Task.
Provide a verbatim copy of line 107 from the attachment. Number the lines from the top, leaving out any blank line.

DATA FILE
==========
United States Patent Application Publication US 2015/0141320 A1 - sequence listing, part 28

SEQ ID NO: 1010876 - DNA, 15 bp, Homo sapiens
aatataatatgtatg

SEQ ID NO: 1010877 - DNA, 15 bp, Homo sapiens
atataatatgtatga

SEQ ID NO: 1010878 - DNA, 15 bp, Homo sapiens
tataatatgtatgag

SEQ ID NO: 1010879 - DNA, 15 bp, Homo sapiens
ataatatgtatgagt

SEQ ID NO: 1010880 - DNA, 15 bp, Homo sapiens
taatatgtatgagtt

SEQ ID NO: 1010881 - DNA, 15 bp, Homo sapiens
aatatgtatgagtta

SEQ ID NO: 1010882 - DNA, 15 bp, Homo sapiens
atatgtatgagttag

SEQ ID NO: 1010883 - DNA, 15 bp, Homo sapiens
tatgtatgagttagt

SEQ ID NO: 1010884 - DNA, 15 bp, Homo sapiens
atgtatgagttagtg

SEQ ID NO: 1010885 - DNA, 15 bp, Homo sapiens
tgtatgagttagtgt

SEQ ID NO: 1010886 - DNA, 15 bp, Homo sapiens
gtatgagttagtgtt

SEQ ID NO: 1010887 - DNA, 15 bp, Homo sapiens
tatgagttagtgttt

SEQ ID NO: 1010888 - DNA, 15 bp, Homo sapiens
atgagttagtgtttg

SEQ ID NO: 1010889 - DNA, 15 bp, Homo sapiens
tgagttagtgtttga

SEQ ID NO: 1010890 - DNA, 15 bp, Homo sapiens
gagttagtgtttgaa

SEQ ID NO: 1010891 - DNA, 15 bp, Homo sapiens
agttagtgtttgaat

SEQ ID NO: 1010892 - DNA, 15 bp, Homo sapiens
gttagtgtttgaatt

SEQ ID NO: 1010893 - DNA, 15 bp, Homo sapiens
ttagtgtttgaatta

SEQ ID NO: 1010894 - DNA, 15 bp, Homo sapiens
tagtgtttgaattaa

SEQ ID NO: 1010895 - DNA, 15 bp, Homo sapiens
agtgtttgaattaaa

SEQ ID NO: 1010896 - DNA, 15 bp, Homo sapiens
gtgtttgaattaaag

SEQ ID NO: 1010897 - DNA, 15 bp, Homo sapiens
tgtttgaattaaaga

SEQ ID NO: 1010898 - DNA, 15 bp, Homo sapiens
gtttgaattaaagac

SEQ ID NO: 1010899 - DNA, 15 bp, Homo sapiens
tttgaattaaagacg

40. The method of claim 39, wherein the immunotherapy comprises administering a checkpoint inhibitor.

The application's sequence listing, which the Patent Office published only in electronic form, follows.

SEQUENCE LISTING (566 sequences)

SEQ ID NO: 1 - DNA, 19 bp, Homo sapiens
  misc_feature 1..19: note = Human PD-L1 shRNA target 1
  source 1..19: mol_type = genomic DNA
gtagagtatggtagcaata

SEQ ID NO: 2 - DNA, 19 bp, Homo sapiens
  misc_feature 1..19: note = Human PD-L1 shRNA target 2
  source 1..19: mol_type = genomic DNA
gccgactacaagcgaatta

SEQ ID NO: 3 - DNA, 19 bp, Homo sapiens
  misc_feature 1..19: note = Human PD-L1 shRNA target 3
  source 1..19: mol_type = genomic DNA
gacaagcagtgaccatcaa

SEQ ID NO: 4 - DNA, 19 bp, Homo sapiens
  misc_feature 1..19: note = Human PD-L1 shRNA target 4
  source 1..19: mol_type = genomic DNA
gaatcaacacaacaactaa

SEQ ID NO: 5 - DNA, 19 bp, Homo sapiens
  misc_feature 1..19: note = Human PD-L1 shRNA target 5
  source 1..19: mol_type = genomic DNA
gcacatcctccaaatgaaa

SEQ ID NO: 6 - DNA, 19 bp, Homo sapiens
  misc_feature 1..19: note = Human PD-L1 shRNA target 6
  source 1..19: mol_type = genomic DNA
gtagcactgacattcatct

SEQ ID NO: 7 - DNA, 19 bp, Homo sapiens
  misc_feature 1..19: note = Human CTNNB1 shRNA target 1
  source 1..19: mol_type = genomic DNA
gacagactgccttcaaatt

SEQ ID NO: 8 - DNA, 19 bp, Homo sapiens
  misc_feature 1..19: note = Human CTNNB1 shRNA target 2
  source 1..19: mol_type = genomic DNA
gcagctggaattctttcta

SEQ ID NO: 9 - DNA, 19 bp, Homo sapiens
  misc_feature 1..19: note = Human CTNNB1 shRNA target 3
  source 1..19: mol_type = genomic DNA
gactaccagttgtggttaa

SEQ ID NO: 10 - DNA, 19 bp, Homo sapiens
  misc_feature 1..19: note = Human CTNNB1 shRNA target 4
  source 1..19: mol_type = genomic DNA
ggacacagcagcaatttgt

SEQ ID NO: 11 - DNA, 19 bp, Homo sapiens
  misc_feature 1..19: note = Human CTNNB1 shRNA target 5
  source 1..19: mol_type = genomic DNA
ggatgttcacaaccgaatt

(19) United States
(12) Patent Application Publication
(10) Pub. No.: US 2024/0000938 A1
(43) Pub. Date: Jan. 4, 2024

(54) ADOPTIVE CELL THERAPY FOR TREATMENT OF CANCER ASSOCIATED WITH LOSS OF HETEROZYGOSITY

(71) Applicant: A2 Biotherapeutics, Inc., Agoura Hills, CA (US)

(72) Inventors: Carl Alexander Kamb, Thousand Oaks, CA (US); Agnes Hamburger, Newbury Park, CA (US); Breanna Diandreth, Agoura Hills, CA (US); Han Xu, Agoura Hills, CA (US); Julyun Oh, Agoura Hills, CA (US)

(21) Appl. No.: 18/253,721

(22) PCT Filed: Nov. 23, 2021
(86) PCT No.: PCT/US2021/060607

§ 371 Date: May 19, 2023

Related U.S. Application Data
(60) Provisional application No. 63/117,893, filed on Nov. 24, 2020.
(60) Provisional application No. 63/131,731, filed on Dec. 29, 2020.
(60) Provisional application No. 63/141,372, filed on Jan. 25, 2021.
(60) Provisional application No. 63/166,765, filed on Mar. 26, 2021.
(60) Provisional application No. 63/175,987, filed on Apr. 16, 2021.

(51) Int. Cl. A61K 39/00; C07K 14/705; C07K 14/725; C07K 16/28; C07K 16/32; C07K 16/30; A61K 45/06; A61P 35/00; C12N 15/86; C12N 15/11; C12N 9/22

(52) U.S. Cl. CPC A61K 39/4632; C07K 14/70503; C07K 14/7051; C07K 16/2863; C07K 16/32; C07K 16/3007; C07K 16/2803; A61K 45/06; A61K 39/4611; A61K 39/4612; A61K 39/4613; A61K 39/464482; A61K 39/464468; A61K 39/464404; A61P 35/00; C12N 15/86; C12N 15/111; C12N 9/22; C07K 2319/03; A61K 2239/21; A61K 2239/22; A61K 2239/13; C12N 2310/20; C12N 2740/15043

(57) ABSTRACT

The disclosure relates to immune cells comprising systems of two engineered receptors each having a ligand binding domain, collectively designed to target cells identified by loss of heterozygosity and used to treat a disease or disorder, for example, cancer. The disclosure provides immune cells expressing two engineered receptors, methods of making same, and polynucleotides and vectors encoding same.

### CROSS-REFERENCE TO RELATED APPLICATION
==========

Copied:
§ 371 Date: May 19, 2023